in terms of floating point arithmetic.

You can't fool mathematics by being tricky.

John

Subject: Optimization using Heaviside function

From: Roger Stafford

Date: 13 Jun, 2010 22:42:04

Message: 10 of 18

"Petros " <p3tris@gmail.com> wrote in message <hv3er0$nk7$1@fred.mathworks.com>...
> I understand what you are saying. But, these functions get really complicated. How do I check finite number of possible solutions? I have managed to plot a few of them with syms and ezsurf() after that what?
>
> Q0 is a constant and the equation sometimes goes:
>
> P={c*x2^2 if x2<5; d*x2^2+e*x2 if x2>5}
>
> that's why I said quadratic. If I use the approximation I stated above and use the fmincon, will it be ok?

  I have bad news for you Petros! As John has pointed out, using exp(-50000*x) will do you no good at all. It is necessary to face the discontinuities as they stand and deal with them effectively.

  It would be easily possible to use combinations of heavyside-type equations in such a way that would produce many not necessarily rectangular regions in the x1-x2 space in which the boundaries are discontinuous for the objective function and inside of which that function is variable in complex ways even though "smooth". If you contemplate something of this kind, I believe there is no option for you but to handle each such region separately, using an optimization routine on each if necessary. I know of no matlab routine that would automatically carry out such an analysis for you.

  Wasn't it Euclid who said to King Ptolemy, "there is no Royal Road to geometry"? An analogous remark might conceivably be made of functions composed of complicated heavyside-type combinations.

Roger Stafford

Subject: Optimization using Heaviside function

From: Greg Heath

Date: 14 Jun, 2010 02:06:44

Message: 11 of 18

On Jun 13, 1:37 pm, "Petros " <p3t...@gmail.com> wrote:
> I try to run a one-variable optimization of a function that makes use of the heaviside function.
>
> I have:
> Q={700 if x(1)<5, 600 if 5<x(1)<10, 200 if 10<x(1)} or using heaviside functions,
> Q=700-100*heaviside(x(1)-5)-400*heaviside(x(1)-10)
>
> also I have
> P=100+100*heaviside(x(1)-6)+400*heaviside(x(1)-13)
>
> bound: x(1)>0
>
> I want to minimize f=Q-P
>
> I always get:
> Optimization completed because the objective function is non-decreasing in
> feasible directions, to within the default value of the function tolerance,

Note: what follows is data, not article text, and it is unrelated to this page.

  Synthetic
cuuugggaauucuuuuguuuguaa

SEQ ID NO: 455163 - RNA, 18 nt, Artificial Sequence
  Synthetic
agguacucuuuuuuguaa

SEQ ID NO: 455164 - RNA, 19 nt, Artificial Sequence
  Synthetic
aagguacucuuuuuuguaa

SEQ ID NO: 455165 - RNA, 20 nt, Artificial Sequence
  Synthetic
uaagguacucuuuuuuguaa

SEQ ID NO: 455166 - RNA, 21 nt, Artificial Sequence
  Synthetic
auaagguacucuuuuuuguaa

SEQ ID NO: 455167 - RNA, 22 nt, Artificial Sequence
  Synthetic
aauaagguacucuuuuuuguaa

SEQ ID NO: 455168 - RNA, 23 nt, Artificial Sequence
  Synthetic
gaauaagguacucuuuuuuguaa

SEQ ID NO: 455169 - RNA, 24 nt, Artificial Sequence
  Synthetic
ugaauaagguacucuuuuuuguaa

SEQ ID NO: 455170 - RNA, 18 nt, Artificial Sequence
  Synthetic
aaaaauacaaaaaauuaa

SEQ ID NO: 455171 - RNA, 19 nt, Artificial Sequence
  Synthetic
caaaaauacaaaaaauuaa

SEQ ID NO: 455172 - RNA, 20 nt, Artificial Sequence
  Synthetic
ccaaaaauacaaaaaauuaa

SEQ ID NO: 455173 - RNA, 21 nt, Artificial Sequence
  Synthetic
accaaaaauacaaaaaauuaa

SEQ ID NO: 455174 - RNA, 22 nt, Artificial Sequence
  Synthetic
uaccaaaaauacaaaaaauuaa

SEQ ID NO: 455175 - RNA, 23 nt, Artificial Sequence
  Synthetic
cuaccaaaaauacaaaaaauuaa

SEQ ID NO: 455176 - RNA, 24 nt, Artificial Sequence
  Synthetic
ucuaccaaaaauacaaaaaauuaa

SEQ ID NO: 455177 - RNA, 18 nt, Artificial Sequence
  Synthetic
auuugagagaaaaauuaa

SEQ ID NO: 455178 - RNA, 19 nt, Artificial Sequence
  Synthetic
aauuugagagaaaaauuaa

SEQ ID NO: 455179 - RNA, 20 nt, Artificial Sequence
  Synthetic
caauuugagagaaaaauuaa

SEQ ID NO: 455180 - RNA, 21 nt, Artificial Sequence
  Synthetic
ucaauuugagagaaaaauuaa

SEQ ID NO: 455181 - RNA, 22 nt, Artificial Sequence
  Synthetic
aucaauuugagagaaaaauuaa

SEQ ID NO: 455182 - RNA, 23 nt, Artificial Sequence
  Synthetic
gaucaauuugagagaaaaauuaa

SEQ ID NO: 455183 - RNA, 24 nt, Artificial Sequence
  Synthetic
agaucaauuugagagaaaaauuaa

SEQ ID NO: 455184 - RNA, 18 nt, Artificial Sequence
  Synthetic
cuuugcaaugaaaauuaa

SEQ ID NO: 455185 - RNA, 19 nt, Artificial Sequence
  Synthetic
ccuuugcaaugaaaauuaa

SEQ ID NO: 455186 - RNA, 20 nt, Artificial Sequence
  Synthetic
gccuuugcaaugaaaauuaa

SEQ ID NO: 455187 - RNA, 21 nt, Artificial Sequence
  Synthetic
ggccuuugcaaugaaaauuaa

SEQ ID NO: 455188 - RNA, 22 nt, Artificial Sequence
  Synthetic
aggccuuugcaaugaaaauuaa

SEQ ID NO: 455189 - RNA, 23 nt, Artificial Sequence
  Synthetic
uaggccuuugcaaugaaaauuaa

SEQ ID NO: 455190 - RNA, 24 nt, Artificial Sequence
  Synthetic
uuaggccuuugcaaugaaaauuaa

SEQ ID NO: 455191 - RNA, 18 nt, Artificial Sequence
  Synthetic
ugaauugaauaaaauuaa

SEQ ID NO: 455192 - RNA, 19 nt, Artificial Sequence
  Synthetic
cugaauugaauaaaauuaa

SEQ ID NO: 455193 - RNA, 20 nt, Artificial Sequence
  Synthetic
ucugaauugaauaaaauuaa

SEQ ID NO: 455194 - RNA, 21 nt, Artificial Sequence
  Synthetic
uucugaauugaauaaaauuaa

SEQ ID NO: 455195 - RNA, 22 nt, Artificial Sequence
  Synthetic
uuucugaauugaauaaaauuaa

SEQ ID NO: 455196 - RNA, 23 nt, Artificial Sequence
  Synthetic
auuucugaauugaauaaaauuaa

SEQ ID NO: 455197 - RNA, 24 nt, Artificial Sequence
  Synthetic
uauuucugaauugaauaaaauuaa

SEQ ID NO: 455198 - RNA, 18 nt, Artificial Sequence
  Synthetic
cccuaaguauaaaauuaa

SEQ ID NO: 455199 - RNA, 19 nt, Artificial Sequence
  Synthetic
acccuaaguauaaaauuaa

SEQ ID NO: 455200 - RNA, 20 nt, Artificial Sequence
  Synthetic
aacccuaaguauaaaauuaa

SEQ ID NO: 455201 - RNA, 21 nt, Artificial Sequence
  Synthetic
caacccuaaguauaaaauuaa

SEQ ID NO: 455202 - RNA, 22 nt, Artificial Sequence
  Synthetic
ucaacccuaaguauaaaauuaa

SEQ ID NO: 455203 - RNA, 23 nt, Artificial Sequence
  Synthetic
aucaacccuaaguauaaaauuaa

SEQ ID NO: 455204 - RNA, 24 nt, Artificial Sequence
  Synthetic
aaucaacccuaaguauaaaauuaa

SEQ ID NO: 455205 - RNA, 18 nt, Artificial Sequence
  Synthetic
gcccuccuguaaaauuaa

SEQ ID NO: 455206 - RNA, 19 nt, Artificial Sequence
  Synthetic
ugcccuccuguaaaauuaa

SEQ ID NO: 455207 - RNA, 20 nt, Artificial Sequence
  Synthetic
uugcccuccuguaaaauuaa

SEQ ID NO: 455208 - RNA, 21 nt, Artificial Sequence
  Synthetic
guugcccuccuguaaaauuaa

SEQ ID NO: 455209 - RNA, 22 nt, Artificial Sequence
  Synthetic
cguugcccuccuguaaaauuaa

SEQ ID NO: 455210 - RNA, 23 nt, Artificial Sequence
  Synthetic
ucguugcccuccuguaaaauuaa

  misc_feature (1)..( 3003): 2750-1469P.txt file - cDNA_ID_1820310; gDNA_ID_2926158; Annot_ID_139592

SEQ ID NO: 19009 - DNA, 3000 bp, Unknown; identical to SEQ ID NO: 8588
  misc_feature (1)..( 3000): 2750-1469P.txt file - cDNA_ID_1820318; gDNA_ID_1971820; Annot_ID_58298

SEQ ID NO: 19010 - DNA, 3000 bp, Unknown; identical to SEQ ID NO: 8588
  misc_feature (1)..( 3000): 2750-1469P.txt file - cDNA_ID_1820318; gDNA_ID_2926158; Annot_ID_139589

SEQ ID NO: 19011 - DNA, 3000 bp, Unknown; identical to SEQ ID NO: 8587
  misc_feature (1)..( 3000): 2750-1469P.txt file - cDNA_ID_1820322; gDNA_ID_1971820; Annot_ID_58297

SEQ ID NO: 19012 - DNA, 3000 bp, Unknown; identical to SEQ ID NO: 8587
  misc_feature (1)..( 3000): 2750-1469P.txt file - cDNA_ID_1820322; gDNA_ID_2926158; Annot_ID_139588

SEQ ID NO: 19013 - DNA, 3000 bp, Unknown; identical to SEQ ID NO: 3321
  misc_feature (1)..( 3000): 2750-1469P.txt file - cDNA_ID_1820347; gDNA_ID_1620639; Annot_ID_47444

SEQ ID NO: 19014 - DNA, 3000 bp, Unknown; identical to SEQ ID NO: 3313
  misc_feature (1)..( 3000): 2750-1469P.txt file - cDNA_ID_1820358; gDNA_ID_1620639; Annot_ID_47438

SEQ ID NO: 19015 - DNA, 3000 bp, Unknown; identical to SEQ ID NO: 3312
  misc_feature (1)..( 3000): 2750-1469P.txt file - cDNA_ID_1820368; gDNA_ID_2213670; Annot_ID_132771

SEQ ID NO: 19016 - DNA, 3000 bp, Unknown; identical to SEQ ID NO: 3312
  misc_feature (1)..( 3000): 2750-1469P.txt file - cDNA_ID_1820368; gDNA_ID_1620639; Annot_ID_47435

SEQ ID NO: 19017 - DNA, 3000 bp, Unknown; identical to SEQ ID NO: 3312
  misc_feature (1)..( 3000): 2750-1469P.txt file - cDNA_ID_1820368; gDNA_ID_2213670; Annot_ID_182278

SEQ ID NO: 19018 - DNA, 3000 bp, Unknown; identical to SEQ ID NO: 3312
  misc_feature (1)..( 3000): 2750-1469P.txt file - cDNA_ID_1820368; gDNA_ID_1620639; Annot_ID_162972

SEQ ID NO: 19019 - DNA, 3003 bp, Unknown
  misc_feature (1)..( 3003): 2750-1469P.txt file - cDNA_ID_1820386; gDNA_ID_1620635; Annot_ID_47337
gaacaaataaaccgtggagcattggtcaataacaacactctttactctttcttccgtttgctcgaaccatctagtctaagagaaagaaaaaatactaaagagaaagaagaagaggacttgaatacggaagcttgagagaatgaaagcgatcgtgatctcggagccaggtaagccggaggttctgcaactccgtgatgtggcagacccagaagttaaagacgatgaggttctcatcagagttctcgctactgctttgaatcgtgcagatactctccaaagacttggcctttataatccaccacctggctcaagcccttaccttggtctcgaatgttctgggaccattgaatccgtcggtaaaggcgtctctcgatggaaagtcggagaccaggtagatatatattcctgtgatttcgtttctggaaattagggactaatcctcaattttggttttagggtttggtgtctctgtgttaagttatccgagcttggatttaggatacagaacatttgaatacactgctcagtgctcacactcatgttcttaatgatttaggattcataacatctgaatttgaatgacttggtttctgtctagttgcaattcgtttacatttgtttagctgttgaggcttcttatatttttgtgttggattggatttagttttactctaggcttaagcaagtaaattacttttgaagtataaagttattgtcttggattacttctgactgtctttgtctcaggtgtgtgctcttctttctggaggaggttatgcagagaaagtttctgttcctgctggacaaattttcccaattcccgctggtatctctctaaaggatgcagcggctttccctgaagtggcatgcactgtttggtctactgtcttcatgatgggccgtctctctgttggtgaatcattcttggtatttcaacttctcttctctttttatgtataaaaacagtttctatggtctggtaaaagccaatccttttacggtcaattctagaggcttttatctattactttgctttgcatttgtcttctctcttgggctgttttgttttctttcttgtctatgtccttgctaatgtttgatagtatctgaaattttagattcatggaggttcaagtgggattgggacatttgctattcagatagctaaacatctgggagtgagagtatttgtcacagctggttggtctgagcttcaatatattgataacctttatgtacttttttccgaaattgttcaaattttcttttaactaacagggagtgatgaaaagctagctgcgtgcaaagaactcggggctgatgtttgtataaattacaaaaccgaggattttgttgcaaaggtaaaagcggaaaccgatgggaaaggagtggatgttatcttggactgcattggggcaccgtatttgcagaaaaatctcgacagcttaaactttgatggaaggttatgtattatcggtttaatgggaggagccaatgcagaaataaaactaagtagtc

> and constraints were satisfied to within the default value of the constraint tolerance.
>
> and I get as solution the point I give as starting point. I believe the problem is the heavisides?
>
> Thanks.

If that, indeed, is your ONLY problem then you probably can
sneak up on the answer by replacing the Heaviside by a
sequence of logsigs (if you have the NN Toolbox otherwise
just use the definition)

logsig(a(n)*x) = 1/(1+exp(-a(n)*x))

a(n) > a(n-1) >= a(1) = 1

Hope this helps.

Greg

Subject: Optimization using Heaviside function

From: Petros

Date: 14 Jun, 2010 07:58:03

Message: 12 of 18

Greg Heath <heath@alumni.brown.edu> wrote in message <dde7f674-e072-434d-8213-10ee9a1a9d2e@5g2000vbf.googlegroups.com>...
> On Jun 13, 1:37 pm, "Petros " <p3t...@gmail.com> wrote:
> > I try to run a one-variable optimization of a function that makes use of the heaviside function.
> >
> > I have:
> > Q={700 if x(1)<5, 600 if 5<x(1)<10, 200 if 10<x(1)} or using heaviside functions,
> > Q=700-100*heaviside(x(1)-5)-400*heaviside(x(1)-10)
> >
> > also I have
> > P=100+100*heaviside(x(1)-6)+400*heaviside(x(1)-13)
> >
> > bound: x(1)>0
> >
> > I want to minimize f=Q-P
> >
> > I always get:
> > Optimization completed because the objective function is non-decreasing in
> > feasible directions, to within the default value of the function tolerance,
> > and constraints were satisfied to within the default value of the constraint tolerance.
> >
> > and I get as solution the point I give as starting point. I believe the problem is the heavisides?
> >
> > Thanks.
>